Maurie Markman, MD
The FDA’s recent approval of olaparib (Lynparza) for women with BRCA
-mutated advanced ovarian cancer marks a significant therapeutic advance for women with the malignancy, but the specific indication is far too restrictive and the drug should be offered to many more patients, according to Maurie Markman, MD.
In fact, Markman said, clinical trial evidence indicates that some women with high-grade serous ovarian cancer who do not test positive for a BRCA
mutation also may respond to olaparib, and they should have an opportunity to decide in consultation with their physicians whether the drug is appropriate for them.
“I applaud the FDA for approving the drug, but the language in the approval is far too restricted based on the data,” said Markman, a specialist in gynecologic malignancies who is president of Medicine & Science at Cancer Treatment Centers of America. “There are a variety of clinical indications one could consider that are extremely rational and that should be discussed with patients.“
The complexities that Markman, who also is editor-in-chief of OncologyLive
magazine, raised in an interview reflect some of the hurdles that olaparib has had to surmount on its path to regulatory approval in December 2014.
Olaparib is a first-in-class inhibitor of poly (ADP-ribose) polymerase (PARP) enzymes, which are active in DNA transcription and repair. The oral agent has proved most effective against tumors with mutations in BRCA1/2
, tumor suppressor genes whose best-understood role is the repair of double-strand breaks in DNA.
The FDA granted an accelerated approval to olaparib as monotherapy in patients with advanced ovarian cancer whose tumors test positive for deleterious or suspected deleterious germline BRCA
) mutations and who already have been treated with three or more prior lines of chemotherapy. The BRACAnalysis CDx test was approved as a companion diagnostic.
The olaparib approval was based on a 34% objective response rate and a 7.9-month median duration of response among 137 patients with measurable gBRCA
-mutated ovarian cancer who received olaparib monotherapy after ≥3 lines of chemotherapy.1Broader Implications in Study
The pivotal findings stemmed from a single-arm phase II study of olaparib in patients with deleterious or suspected deleterious gBRCA
-mutated advanced cancers, and on safety data from several other olaparib studies, according to AstraZeneca, the company developing the drug.2,3
Previously, Ledermann et al4
had reported that the median progression-free survival (PFS) was significantly longer among patients with a BRCA
mutation who had received olaparib compared with placebo (11.2 vs 4.3 months, respectively; P
<.0001). Study 19, as the trial has been called, randomized 265 participants to olaparib or placebo from August 2008 to February 2010.4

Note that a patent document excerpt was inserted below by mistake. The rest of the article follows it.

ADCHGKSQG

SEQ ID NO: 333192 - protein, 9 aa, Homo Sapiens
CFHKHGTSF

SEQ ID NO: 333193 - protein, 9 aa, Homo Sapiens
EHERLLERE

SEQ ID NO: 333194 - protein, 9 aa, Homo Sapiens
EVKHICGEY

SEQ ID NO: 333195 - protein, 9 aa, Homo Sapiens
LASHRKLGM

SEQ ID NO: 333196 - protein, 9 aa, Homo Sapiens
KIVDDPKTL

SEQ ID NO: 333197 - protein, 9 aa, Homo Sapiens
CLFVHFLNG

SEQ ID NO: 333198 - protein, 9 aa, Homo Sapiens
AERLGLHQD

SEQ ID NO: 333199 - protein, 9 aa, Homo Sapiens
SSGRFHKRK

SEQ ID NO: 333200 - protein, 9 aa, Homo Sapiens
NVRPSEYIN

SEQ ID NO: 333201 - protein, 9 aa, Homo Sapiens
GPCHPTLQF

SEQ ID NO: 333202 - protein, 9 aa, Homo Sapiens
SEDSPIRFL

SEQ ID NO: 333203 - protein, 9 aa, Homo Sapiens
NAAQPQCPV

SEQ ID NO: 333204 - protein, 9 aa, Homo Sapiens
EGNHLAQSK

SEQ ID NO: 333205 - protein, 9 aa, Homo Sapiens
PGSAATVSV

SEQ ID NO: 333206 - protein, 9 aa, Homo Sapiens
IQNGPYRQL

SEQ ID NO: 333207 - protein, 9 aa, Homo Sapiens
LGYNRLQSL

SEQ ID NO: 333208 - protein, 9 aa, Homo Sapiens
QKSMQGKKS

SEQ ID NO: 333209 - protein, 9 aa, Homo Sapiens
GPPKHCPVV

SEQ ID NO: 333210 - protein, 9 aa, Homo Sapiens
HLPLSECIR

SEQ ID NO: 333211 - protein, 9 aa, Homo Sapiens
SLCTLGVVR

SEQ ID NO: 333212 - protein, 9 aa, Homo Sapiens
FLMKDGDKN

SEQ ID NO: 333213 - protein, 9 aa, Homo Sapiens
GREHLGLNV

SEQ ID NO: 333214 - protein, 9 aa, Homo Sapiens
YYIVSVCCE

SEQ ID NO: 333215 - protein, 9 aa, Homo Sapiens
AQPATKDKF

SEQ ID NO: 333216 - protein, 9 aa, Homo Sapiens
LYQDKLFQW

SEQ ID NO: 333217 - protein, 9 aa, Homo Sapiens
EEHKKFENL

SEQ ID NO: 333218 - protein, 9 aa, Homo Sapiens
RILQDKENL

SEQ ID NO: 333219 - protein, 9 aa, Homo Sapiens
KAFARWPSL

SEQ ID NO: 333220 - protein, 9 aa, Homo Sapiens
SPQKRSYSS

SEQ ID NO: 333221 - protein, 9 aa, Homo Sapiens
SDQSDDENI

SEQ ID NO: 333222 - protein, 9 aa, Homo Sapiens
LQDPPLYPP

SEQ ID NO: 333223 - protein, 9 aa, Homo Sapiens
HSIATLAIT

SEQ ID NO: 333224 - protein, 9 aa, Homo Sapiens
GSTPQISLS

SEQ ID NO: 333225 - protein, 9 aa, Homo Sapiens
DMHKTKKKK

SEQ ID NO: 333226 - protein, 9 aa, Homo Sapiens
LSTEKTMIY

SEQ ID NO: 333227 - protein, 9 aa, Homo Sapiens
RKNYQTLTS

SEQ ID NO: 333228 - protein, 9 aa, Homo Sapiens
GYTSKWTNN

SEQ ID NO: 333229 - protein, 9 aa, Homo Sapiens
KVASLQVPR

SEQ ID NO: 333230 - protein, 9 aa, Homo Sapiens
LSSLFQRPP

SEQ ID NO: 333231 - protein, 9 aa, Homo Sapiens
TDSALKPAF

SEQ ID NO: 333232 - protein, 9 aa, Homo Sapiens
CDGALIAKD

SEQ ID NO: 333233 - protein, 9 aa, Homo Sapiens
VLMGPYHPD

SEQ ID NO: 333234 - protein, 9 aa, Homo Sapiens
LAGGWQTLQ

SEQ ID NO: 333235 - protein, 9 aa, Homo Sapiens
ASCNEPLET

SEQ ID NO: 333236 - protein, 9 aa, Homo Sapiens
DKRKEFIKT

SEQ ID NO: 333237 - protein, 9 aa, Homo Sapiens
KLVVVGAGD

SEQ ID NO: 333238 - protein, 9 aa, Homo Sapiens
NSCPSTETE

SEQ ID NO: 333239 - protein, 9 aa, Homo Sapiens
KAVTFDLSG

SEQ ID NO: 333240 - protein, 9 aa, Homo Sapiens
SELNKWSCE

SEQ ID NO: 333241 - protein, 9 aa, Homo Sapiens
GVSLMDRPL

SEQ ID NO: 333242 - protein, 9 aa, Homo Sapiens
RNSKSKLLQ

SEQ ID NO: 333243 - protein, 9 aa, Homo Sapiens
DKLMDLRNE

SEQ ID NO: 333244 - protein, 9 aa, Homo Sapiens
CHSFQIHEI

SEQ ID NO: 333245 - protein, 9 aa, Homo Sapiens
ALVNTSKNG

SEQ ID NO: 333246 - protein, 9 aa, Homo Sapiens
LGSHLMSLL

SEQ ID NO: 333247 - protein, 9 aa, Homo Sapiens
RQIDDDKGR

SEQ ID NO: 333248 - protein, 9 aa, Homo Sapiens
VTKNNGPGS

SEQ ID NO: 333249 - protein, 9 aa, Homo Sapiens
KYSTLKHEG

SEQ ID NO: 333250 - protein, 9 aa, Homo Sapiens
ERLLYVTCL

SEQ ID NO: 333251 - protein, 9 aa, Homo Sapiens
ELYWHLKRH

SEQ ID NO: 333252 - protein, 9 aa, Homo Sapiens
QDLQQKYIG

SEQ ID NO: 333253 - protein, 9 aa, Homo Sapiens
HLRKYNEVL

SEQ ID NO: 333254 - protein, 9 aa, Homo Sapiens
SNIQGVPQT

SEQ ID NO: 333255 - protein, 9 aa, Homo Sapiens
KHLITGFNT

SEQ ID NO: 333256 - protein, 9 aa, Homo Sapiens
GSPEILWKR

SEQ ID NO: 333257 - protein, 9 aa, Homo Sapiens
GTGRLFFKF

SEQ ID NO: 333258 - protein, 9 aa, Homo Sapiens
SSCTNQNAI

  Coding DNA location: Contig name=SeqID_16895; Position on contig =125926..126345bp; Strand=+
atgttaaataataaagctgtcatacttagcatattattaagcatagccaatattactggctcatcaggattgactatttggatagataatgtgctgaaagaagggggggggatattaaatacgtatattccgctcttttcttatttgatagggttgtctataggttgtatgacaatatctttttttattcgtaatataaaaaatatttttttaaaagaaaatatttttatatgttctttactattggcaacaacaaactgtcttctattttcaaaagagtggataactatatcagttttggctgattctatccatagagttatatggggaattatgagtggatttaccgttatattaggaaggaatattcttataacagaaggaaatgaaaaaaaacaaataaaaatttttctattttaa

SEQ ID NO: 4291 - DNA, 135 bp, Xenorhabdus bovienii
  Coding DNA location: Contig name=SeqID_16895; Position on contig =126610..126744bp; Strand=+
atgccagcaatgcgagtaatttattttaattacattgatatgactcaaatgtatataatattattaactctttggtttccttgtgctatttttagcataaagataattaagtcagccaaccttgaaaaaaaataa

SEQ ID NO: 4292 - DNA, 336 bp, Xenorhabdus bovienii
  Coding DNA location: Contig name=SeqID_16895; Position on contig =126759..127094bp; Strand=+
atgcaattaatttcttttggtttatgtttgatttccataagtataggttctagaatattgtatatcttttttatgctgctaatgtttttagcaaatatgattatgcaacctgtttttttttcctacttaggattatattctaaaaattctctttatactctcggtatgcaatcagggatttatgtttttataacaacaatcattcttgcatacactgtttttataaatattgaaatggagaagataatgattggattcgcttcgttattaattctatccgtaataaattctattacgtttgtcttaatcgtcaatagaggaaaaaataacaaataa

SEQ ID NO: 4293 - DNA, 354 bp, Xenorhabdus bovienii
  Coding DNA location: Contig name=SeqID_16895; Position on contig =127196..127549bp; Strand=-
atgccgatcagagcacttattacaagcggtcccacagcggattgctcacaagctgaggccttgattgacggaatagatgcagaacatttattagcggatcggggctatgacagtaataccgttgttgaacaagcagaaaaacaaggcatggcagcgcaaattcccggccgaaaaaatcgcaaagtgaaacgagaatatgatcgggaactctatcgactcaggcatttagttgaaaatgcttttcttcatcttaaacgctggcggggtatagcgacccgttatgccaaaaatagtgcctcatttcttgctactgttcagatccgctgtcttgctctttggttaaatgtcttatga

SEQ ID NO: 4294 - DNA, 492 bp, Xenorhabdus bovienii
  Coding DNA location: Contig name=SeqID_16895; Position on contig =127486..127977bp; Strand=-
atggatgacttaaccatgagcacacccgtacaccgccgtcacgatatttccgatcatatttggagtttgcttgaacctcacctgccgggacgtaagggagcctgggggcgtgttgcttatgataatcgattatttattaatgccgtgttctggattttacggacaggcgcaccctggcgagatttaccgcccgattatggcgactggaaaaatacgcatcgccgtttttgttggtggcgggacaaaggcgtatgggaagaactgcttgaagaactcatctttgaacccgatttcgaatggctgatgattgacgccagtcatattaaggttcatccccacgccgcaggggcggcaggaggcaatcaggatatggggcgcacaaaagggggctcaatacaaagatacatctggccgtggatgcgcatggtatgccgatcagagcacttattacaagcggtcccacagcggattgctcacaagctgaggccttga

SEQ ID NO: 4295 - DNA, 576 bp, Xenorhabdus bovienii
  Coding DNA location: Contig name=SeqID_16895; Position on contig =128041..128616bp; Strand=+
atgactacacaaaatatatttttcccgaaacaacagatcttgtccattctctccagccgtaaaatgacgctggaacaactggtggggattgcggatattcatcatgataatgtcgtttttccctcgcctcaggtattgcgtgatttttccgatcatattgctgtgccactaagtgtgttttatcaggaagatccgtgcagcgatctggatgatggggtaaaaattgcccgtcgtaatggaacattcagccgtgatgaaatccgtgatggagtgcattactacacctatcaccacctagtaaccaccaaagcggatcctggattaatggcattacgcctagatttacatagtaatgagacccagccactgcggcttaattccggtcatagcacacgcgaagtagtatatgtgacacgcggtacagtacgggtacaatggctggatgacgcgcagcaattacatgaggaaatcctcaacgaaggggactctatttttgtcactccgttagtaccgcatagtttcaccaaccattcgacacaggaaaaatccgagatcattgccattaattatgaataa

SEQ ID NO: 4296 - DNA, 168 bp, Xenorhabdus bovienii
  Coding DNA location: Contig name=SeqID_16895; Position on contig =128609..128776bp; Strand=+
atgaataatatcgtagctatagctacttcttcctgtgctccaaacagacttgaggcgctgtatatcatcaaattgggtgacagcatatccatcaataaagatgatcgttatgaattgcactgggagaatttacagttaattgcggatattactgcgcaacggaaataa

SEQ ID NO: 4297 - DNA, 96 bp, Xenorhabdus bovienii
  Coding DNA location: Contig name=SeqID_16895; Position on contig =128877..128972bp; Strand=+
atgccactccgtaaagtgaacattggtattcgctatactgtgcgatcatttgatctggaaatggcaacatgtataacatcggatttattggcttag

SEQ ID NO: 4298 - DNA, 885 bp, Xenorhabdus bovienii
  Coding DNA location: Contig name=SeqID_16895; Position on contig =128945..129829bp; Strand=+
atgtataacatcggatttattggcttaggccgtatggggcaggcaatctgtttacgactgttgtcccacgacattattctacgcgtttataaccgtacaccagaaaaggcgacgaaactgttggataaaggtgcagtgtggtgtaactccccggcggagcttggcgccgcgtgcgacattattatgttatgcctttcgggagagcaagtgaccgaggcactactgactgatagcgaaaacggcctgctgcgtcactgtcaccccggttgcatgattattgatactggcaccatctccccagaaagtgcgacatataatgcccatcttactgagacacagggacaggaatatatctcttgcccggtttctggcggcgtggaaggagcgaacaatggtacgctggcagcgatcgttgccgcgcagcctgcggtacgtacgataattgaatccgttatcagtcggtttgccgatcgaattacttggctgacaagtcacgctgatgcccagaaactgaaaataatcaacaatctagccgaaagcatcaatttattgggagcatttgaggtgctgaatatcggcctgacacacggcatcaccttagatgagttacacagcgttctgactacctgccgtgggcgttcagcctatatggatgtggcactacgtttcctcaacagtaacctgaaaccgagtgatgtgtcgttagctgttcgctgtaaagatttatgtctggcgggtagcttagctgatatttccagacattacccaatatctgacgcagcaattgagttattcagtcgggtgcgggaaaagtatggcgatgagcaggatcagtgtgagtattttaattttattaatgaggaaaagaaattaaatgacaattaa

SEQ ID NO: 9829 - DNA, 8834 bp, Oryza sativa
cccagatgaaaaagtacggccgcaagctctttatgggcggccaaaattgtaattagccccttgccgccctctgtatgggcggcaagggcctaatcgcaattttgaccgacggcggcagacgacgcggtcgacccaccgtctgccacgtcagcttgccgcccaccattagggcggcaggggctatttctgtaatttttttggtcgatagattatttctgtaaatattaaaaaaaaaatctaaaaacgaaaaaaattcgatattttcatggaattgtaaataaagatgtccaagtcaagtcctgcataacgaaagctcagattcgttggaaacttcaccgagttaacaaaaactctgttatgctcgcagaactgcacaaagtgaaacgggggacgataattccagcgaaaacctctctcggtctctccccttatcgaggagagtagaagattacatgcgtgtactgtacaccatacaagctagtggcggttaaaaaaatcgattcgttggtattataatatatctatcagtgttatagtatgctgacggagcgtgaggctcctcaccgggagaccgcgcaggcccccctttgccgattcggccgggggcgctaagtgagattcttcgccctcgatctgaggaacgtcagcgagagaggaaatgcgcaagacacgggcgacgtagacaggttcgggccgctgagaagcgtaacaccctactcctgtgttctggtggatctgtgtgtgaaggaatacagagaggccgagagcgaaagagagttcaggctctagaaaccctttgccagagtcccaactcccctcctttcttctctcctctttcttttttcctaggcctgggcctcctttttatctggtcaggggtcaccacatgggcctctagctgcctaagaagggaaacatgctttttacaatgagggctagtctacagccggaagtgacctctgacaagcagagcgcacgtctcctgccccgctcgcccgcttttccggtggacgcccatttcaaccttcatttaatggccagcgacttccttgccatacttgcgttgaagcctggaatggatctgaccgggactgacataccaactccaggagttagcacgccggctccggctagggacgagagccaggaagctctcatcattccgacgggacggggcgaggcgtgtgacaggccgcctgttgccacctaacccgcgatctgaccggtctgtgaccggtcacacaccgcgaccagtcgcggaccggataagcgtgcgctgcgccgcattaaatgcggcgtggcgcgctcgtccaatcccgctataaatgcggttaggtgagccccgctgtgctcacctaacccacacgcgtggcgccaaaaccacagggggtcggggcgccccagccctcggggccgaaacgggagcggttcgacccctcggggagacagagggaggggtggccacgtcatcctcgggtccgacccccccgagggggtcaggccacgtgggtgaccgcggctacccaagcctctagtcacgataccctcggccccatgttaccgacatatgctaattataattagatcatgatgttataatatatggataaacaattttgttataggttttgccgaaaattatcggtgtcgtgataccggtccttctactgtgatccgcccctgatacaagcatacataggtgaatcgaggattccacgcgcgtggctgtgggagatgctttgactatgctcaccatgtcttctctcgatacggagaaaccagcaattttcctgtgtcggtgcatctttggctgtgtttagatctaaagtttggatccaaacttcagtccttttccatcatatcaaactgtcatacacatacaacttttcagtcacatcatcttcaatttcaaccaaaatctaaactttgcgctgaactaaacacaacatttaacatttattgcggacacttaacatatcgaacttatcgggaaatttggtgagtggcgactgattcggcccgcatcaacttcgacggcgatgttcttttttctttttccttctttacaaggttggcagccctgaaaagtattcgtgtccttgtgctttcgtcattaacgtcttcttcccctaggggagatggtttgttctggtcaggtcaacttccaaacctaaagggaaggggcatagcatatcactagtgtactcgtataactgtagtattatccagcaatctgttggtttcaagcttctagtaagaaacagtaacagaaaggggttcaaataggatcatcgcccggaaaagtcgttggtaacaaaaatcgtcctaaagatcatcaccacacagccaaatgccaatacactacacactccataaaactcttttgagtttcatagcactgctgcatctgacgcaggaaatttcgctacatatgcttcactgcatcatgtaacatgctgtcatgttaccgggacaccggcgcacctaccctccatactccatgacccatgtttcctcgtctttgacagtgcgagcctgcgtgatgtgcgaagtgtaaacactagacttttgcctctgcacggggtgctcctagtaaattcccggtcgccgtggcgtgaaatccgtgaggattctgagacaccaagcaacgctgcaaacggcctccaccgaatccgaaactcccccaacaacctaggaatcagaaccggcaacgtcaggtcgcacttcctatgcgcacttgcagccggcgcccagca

Notably, 14% of the patients with a BRCA
mutation had aberrations of somatic (acquired) origin, as opposed to germline mutation. Investigators said this patient group was too small to analyze formally, but that the outcomes suggest that olaparib is “most effective in tumours with a BRCA
mutation, irrespective of whether the mutation originates in the germline or tumor DNA.”3
Additionally, the researchers found that PFS was longer with olaparib versus placebo among patients with wild-type BRCA
(7.4 vs 5.5 months, respectively; P
= .0075), although not as pronounced as among those with the aberration.
The responses illustrate the complexity of the signaling pathways at work in ovarian cancer. “Up to 50% of patients with high-grade serous ovarian cancer are deficient in homologous recombination—a key pathway for repair of DNA damage—due to germline or somatically acquired BRCA1
mutations, epigenetic inactivation of BRCA1
, or BRCA
-independent defects in the homologous recombination pathway,” according to Ledermann and colleagues.4
That pool of patients is much deeper than the number of women with ovarian cancer whose tumors harbor a BRCA
mutation, which is estimated at up to 15% of all cases.2Rationale for Expanded Usage
Markman said olaparib should be used more widely than the label indication for two reasons: (1) if a patient has a BRCA mutation, it is not relevant whether that mutation is germline or somatic; and (2) Ledermann et al’s findings show that patients without specific BRCA mutations also can benefit from the drug.
On the mutation point, Markman noted that a number of companies developing BRCA tests today are doing so based on tumor DNA. “They cannot tell you whether it’s in the germline—and that is completely biologically irrelevant anyway,” said Markman. “It’s the presence of the mutation that is important, not whether it’s germline.”